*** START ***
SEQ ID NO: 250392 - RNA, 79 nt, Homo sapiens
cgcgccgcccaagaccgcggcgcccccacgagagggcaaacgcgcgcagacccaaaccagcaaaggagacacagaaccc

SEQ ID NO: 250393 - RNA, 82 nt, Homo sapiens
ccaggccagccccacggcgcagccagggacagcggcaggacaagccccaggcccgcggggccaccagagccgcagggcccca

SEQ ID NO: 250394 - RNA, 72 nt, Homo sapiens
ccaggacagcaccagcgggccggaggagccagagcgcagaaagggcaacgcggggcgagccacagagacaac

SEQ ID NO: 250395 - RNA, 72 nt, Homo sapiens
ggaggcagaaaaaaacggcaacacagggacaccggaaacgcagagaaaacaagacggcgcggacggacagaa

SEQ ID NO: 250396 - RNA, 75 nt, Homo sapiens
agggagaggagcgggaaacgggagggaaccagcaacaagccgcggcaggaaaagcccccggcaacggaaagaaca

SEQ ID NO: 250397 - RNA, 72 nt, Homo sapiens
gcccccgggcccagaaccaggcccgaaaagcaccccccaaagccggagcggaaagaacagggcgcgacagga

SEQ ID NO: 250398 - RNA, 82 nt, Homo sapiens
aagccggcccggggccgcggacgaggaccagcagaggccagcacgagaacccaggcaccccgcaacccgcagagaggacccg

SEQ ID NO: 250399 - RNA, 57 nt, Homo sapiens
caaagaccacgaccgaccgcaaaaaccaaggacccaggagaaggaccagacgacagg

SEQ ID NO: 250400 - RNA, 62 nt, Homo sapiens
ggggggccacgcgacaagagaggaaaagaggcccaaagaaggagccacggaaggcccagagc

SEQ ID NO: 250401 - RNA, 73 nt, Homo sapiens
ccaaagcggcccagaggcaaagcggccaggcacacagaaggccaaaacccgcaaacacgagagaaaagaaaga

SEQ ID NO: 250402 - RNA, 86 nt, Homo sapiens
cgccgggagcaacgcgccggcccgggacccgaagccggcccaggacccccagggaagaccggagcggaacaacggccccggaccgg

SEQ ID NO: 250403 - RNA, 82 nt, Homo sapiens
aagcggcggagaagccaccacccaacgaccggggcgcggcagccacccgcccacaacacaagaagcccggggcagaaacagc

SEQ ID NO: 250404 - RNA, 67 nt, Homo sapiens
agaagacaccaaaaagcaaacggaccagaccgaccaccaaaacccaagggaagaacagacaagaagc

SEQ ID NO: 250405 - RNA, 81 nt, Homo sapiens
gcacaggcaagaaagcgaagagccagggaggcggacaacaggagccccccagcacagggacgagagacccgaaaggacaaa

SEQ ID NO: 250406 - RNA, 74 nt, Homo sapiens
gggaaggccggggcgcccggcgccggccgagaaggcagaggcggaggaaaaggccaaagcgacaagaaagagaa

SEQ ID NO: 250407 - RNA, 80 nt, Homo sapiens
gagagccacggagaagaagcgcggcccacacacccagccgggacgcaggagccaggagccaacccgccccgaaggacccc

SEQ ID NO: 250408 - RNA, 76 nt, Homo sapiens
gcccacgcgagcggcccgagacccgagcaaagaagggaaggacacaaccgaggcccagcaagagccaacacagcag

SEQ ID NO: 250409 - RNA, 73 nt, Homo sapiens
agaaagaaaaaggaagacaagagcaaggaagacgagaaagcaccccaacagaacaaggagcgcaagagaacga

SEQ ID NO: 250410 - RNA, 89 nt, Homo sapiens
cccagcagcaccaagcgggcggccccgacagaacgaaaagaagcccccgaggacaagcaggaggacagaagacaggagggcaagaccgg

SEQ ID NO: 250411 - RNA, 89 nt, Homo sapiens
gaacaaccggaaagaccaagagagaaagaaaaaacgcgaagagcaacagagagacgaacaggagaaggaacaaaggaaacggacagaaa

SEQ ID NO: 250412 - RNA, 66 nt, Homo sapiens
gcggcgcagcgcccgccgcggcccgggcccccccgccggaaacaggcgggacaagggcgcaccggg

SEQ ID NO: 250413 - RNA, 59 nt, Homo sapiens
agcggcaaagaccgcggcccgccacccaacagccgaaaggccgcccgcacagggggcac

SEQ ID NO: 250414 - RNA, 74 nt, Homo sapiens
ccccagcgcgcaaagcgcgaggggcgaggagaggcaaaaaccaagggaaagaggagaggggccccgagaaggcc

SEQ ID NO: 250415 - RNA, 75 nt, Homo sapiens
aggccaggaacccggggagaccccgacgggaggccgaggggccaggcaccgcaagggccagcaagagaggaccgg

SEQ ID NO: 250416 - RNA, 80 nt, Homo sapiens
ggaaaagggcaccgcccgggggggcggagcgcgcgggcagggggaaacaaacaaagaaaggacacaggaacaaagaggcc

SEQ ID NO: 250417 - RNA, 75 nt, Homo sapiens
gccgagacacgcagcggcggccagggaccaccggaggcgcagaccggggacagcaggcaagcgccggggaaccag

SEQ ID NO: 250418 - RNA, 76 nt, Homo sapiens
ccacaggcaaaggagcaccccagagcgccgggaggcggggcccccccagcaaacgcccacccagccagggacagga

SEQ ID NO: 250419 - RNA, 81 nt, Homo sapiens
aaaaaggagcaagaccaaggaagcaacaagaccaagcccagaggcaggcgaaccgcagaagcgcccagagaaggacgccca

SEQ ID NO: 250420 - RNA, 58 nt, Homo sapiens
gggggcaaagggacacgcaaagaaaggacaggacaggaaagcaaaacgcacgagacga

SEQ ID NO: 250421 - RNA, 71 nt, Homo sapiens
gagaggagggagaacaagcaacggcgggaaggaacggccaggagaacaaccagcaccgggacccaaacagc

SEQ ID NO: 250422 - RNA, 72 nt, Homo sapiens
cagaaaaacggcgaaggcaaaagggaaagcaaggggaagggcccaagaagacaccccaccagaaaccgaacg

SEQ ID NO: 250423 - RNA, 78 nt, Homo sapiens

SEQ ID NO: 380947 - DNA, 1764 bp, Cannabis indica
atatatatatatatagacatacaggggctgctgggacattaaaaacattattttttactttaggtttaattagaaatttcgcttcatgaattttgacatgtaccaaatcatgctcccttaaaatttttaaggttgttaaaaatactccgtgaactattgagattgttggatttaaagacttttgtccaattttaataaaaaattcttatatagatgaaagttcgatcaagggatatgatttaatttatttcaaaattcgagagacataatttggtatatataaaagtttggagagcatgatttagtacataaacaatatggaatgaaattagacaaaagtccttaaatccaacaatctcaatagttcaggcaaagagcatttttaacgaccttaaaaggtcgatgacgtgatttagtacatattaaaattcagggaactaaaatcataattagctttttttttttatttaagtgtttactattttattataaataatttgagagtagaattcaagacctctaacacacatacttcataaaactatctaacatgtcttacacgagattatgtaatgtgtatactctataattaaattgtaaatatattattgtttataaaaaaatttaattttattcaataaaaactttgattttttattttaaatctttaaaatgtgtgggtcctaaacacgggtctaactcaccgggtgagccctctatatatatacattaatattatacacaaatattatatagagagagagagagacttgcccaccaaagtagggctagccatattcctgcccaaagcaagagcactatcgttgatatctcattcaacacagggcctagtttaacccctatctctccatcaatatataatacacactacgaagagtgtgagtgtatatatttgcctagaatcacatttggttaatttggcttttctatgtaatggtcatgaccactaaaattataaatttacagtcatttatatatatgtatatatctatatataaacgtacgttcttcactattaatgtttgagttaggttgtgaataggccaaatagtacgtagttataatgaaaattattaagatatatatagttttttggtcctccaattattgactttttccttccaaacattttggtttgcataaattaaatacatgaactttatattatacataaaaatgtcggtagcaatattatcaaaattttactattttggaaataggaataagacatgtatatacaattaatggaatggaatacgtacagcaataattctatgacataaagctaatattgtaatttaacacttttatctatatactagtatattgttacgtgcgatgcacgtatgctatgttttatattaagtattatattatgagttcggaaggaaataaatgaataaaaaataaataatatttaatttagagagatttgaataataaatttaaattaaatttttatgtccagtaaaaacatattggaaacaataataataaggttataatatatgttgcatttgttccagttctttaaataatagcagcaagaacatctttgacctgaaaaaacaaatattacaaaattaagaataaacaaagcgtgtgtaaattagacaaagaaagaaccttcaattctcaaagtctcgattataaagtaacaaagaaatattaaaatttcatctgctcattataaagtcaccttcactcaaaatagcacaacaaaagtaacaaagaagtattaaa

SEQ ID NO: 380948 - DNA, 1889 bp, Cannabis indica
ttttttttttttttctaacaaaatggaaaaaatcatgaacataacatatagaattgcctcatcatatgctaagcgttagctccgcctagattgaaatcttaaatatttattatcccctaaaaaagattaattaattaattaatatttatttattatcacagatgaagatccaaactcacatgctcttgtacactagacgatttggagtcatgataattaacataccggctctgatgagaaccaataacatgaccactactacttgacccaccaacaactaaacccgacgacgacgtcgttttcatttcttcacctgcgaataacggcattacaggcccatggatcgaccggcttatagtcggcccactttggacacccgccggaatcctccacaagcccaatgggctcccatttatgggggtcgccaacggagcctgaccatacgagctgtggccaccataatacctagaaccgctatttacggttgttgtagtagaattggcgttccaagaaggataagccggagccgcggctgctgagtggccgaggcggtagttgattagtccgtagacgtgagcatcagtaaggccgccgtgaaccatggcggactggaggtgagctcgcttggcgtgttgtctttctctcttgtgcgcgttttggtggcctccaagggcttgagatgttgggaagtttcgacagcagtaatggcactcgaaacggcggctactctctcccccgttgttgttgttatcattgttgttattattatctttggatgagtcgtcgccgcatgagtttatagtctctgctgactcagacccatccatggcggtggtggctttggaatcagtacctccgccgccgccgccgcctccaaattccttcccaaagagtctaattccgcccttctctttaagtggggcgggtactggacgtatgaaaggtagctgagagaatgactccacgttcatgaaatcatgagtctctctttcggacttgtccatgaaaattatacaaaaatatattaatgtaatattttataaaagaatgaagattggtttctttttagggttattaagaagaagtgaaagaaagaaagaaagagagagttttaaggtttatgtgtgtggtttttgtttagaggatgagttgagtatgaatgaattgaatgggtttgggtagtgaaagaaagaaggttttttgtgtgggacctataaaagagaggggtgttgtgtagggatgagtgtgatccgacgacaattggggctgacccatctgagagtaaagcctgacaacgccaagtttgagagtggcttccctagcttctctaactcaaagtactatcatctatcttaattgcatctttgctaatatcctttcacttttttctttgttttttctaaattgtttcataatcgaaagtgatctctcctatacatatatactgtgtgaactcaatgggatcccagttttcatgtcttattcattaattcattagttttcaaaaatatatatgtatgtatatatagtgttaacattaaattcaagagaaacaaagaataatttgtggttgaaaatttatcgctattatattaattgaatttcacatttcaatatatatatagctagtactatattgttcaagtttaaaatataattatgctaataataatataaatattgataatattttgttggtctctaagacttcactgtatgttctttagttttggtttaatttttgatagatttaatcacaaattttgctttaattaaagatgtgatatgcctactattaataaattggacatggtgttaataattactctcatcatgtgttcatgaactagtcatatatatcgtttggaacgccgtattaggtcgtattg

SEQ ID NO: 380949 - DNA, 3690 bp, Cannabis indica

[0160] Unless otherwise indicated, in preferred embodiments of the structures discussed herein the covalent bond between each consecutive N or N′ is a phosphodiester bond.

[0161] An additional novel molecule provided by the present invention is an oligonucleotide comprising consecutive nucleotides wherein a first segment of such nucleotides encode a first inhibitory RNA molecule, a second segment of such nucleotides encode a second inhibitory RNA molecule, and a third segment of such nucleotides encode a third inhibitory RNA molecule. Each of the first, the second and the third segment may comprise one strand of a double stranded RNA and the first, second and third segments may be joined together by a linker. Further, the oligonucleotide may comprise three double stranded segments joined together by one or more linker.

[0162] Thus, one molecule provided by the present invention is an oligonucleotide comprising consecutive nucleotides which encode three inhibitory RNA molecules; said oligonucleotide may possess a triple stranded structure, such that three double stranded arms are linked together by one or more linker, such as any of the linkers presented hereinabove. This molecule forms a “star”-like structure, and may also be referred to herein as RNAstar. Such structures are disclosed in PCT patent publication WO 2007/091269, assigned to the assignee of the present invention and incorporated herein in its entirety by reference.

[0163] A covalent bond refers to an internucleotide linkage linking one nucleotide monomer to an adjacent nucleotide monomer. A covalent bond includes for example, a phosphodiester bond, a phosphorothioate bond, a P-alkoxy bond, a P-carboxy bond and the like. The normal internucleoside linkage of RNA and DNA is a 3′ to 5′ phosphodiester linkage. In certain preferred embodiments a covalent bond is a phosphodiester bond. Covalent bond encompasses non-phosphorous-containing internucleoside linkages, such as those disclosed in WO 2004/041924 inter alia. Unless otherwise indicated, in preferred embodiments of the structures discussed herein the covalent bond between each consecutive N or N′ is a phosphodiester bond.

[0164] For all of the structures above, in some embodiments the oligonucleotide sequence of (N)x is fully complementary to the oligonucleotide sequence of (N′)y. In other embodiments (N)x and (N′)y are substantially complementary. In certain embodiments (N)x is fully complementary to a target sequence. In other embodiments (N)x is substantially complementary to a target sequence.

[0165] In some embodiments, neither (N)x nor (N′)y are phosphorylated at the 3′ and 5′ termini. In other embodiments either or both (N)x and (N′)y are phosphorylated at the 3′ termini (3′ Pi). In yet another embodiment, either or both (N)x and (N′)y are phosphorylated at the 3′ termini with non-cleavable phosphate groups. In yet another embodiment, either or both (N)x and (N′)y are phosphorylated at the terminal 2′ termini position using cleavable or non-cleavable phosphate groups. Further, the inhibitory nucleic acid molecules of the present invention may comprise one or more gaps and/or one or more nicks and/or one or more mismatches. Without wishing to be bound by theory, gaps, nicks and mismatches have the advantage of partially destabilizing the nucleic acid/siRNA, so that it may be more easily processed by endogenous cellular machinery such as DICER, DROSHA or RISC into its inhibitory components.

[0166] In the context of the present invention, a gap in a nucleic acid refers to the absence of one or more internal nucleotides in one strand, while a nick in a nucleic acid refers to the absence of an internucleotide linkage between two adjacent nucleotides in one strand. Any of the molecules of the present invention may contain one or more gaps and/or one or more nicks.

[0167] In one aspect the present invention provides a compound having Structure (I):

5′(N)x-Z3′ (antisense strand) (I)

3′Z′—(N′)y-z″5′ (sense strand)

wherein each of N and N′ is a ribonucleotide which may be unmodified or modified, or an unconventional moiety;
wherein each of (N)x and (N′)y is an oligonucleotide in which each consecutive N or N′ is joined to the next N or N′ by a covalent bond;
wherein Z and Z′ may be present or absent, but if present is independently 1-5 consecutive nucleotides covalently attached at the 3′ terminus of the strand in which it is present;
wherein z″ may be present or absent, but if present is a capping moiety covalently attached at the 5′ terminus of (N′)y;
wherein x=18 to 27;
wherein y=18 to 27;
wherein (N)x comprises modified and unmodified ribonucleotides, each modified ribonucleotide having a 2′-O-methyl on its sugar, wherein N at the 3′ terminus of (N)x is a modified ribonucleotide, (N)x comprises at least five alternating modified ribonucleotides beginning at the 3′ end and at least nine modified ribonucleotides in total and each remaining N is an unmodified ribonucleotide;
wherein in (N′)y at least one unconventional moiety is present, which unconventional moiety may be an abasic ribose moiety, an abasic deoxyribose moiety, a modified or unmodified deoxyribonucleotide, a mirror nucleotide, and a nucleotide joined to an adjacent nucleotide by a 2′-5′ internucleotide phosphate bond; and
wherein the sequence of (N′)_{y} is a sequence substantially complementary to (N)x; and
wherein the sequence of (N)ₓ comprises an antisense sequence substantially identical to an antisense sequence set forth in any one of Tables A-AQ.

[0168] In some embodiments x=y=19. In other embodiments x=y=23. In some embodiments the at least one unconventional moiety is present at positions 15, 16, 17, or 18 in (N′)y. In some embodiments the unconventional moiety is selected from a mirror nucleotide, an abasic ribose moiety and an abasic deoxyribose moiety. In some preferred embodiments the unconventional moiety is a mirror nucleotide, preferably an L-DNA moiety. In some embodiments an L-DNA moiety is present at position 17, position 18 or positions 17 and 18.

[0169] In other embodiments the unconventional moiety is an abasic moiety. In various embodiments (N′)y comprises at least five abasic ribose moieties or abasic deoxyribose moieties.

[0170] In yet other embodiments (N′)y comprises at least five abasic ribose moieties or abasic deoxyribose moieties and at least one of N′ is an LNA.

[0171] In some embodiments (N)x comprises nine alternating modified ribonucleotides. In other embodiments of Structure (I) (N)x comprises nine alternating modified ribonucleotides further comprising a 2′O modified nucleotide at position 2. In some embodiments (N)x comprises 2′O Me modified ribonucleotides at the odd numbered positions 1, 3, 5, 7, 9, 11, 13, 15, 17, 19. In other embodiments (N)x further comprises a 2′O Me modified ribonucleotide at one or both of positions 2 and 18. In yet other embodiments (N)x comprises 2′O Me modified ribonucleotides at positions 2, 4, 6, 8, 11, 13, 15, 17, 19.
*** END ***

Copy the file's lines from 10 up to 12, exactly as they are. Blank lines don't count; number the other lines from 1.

agggagaggagcgggaaacgggagggaaccagcaacaagccgcggcaggaaaagcccccggcaacggaaagaaca

SEQ ID NO: 250397 - RNA, 72 nt, Homo sapiens
gcccccgggcccagaaccaggcccgaaaagcaccccccaaagccggagcggaaagaacagggcgcgacagga